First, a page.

What Did Financial Institutions in the US Learn From FinTech Startups?
By Elena Mesropyan for LTP
As much as financial technology innovators would like to believe in a challenge they impose on institutions, in reality, the hype is often exaggerated. Among factors that played a major role in bloating the FinTech threat are an outstanding marketing (like with Lemonade) and overvaluation by VC firms and angels. As a result, the reality check sometimes demonstrates holes in general judgment (Square-Starbucks deal, for example) and casts doubts over business models.
Nonetheless, we cannot deny an important role financial technology startups are playing in the ecosystem and vital for institutional players’ lessons they have taught. Eventually, financial institutions will have all important innovations adopted and will become equally savvy with technological advancements that FinTechs are now considering their advantages.
Apps are differentiating products for banks
One of the most important lessons banks have learned is the power of digitization and frictionless online experience with financial services. An increasing number of banks worldwide invest efforts and funds to lead the digital wave, among which are well-known innovators Barclays, BBVA, DBS and others. In fact, according to DBS, 18% of its wealth customers and more than half of SME customers were acquired by the bank in 2015 via digital platforms.
Banking apps, however, are probably one of the most vivid embodiments of digital transformation that banks went through under the influence of technology startups. As noted by S&P, “Bank customers have come to expect increasingly novel features from mobile bank apps, turning apps themselves into competitively differentiating products for banks. Apps have evolved from simple, digital snapshots of checking account information into sophisticated tools with an array of account management capabilities.”
Given that among people who switched their bank in the last 12 months, 22% were motivated to do so in order to get a better mobile bank app experience, online experience with a financial institution appears to be a vital indicator of how successfully a bank can keep its customers.
International institutions like Chase (QR code-based payment service), Citibank (Citi Pay) and many others are also investing in mobile pay solutions along with efforts to enhance their mobile banking apps.
And those efforts do bear fruits: just this Wednesday, S&P published results of a study that ranks the top 20 US mobile banking apps by large financial institutions, putting Wells Fargo at the top as the most comprehensive mobile app, which offers 88% of the features for which apps were studied (P2P payments, touch ID, rewards program, Apple Watch App, view brokerage account, credit tracker, budgeting tools, cardless ATM, Android Wear App, etc.). Bank of America followed in second place with 75%, while Capital One, USAA and BB&T tied for third with 56%.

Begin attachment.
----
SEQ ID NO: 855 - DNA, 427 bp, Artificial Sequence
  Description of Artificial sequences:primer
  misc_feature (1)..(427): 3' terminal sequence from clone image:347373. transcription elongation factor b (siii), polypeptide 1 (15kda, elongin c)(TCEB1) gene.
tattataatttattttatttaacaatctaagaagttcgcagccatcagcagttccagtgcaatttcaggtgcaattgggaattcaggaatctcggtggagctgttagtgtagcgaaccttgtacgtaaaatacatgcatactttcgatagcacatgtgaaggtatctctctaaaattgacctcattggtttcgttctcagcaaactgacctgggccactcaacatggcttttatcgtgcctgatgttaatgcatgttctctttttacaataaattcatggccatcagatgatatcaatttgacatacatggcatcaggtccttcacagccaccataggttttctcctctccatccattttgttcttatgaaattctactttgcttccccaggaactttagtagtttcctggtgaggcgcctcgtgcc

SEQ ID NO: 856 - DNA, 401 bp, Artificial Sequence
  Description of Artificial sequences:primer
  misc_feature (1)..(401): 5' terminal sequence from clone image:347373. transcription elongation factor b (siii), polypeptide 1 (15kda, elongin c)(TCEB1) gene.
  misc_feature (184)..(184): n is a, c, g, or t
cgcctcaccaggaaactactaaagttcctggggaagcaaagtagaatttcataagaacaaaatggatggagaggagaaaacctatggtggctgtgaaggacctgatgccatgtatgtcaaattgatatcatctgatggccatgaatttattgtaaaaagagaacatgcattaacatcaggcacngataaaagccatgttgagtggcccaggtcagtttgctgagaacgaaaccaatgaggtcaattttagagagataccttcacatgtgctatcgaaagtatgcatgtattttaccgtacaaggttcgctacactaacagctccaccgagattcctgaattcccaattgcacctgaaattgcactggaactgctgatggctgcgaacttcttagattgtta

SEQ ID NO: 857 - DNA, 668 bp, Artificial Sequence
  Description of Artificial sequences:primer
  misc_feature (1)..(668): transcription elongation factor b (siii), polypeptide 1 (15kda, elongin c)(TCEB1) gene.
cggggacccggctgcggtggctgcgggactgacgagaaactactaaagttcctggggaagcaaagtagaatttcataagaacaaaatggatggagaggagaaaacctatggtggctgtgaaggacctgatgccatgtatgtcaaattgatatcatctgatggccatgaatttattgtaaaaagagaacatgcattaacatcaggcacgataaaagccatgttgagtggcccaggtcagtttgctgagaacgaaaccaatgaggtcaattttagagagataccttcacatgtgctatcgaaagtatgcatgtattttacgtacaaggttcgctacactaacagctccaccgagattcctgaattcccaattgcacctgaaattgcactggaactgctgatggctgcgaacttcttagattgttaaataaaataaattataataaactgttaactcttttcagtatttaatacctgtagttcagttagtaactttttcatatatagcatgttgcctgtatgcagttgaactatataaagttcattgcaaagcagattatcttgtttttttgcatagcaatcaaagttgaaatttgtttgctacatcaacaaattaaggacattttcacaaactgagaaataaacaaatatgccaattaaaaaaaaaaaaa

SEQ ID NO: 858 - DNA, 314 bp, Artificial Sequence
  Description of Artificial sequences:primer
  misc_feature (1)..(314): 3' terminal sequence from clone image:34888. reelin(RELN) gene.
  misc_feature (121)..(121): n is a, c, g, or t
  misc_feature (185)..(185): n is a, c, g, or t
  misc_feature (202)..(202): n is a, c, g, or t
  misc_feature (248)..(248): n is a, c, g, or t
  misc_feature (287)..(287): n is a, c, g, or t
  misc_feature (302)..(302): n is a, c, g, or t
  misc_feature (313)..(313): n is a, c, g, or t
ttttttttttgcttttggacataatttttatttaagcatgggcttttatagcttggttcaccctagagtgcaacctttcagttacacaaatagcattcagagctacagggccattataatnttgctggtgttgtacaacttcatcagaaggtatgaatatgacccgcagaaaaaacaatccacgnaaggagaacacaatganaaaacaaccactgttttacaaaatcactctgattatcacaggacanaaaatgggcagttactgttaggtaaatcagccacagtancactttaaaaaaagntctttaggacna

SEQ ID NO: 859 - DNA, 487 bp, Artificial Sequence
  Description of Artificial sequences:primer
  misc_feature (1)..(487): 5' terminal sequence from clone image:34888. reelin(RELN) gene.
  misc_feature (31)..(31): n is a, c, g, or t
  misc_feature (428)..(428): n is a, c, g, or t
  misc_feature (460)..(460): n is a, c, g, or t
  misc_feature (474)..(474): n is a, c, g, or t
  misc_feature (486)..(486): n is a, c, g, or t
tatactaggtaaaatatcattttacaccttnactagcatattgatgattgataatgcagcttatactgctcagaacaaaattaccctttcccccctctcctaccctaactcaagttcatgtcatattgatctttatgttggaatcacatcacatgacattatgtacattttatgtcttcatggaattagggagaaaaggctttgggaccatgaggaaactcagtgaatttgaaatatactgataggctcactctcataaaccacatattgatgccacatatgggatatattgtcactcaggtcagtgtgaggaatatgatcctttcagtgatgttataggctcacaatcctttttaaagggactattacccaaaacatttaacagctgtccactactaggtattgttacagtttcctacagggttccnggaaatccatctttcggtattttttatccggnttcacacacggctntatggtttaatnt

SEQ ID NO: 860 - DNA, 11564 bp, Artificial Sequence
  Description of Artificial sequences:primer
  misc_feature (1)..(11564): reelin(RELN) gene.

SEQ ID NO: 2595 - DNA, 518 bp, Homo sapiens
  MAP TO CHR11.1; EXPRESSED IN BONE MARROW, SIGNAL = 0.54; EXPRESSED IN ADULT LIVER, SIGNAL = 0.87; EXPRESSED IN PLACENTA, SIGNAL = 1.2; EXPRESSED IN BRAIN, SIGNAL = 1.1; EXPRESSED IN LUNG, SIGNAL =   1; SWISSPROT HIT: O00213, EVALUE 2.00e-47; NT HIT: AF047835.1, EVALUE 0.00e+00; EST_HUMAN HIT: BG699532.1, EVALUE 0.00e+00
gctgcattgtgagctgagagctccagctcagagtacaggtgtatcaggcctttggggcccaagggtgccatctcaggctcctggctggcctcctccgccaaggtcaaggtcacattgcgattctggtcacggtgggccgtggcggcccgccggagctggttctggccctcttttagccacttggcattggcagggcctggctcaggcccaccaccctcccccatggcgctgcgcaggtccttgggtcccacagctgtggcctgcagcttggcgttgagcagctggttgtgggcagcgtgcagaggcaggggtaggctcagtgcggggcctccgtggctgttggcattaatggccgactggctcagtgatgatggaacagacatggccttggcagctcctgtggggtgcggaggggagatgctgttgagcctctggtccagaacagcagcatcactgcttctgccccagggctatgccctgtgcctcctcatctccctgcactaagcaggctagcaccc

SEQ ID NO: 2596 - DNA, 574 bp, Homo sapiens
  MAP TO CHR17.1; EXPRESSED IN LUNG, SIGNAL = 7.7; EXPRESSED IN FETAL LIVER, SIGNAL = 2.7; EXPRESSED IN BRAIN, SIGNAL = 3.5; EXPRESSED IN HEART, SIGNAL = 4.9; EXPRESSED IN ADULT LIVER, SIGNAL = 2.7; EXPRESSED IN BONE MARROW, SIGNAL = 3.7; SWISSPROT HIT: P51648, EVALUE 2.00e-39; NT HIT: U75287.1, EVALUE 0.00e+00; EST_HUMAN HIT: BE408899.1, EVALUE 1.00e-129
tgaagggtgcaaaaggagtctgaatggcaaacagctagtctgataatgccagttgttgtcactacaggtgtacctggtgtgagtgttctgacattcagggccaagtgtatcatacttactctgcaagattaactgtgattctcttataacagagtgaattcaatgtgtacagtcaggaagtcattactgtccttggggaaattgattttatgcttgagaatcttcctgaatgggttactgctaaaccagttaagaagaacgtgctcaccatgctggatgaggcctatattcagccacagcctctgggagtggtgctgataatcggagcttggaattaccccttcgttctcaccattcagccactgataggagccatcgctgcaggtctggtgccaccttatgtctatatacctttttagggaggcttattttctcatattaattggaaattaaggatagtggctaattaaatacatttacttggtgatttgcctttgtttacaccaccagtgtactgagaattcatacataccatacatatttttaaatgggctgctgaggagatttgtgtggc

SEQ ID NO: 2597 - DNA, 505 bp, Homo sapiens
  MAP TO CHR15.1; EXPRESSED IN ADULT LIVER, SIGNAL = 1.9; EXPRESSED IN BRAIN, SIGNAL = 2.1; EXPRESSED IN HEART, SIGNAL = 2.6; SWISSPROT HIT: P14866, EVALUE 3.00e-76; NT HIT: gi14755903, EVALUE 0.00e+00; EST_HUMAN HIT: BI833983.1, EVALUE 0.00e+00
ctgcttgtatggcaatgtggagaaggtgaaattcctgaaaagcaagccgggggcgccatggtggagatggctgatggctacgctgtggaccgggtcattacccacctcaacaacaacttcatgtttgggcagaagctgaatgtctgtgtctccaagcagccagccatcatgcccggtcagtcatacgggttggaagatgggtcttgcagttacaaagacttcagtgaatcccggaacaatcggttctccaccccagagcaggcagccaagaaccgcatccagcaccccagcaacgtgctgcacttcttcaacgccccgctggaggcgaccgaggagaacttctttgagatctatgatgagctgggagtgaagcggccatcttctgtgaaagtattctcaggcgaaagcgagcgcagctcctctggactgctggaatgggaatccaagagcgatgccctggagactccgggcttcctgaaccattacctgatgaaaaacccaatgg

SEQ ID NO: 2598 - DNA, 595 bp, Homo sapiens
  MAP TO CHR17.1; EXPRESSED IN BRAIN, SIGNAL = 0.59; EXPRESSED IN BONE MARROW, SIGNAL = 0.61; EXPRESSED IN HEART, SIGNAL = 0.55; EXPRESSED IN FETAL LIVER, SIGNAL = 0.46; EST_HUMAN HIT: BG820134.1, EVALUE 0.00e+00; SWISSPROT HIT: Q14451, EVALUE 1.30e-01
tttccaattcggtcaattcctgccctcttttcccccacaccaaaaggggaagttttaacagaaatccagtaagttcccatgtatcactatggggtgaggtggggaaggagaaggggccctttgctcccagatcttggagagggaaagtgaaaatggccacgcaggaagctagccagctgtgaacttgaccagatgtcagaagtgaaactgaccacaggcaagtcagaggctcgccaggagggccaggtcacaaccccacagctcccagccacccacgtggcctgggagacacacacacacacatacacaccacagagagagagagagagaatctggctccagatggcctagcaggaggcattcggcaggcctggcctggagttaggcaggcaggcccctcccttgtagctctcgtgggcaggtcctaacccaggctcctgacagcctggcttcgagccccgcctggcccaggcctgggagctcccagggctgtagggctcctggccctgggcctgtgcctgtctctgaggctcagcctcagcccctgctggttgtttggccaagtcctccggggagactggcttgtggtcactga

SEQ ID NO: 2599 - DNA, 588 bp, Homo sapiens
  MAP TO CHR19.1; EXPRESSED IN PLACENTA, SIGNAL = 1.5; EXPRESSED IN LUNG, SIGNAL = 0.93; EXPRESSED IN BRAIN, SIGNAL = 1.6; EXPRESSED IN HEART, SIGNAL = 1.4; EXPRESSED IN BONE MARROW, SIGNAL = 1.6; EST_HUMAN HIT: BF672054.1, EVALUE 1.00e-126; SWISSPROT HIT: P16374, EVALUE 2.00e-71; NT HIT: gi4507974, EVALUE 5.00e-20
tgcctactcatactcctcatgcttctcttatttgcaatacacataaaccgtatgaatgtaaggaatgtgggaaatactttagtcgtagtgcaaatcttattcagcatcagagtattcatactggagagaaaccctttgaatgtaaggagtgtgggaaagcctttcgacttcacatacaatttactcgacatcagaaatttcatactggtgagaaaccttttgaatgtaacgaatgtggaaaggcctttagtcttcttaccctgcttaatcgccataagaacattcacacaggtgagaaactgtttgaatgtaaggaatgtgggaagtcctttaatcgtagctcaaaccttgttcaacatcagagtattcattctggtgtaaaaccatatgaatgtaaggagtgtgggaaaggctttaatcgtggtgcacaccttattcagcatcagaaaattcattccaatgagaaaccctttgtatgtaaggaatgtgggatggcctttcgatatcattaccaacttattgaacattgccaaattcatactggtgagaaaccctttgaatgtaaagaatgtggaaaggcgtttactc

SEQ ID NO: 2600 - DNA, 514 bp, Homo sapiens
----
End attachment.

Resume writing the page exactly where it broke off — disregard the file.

Analysts Kellsy Panno and Eric Turner noted that apps are becoming more important cost-saving instruments as banks transfer more customer service-oriented capabilities online and into apps. Bank apps are also becoming more important to banks in terms of their effect on bank customer turnover.
Features that have been most widely adopted by banks are reported to be P2P payments (by 86% of banks studied), touch ID (82%), rewards programs, view brokerage account and quick view (55% each).
Missing features are the most important ones
It’s not the most adopted features that are important though – what’s even more important is the adoption of advanced specs, such as cardless ATMs (Wells Fargo, Bank of America), Android Wear App (USAA, Citizens Bank), budgeting tools (Wells Fargo, BB&T, Capital One, USAA), picture bill pay (BBVA Compass, US Bank, Fifth Third, Bank of the West), travel notification (Wells Fargo, Bank of America, USAA, Zions Bank) and schedule branch appointment (Wells Fargo, Bank of America, BB&T, Regions).
The study found that the most commonly missing feature in bank apps in the US that users would like to see is budgeting tools. Despite high demand, such tools are rare among the bank apps that were ranked. On the bright side – there are no financial and other barriers for leading institutions in developing such features and capitalizing on them as Bank of America and Wells Fargo are among the top three US banks by assets following JP Morgan.
Aside from mentioned features that have been enabled in mobile banking apps, a variety of other services are being digitized by financial institutions. Not only in the US but around the world, banks have adopted new technology across all of their services – account opening (Citi, SunTrust, US Bank, Liberty Bank, etc.), deposit taking, lending, wealth management and advising (robo-advice).
Another important area of development in the financial services industry has been noted in the study and by many professionals prior – artificial intelligence (AI) is expected to play an increasingly prominent role in future bank app iterations. Some examples of companies already working on employing AI in banking solutions include Bank of America,Axis Bank, RBS, Emirates Islamic, Digibank by DBS, Outbank and much more.
The lesson and all the efforts with AI in banking have been perpetuated by technology startups that brought development of AI on a level where financial institutions can directly benefit from their implementation. Over time, aschatbots advance and other forms of AI are meeting requirements of large institutions, the increasing number of banks will undoubtedly work on bringing the technology into everyday banking (financial institutions are already heavilyinvesting in AI startups).
First appeared at LTP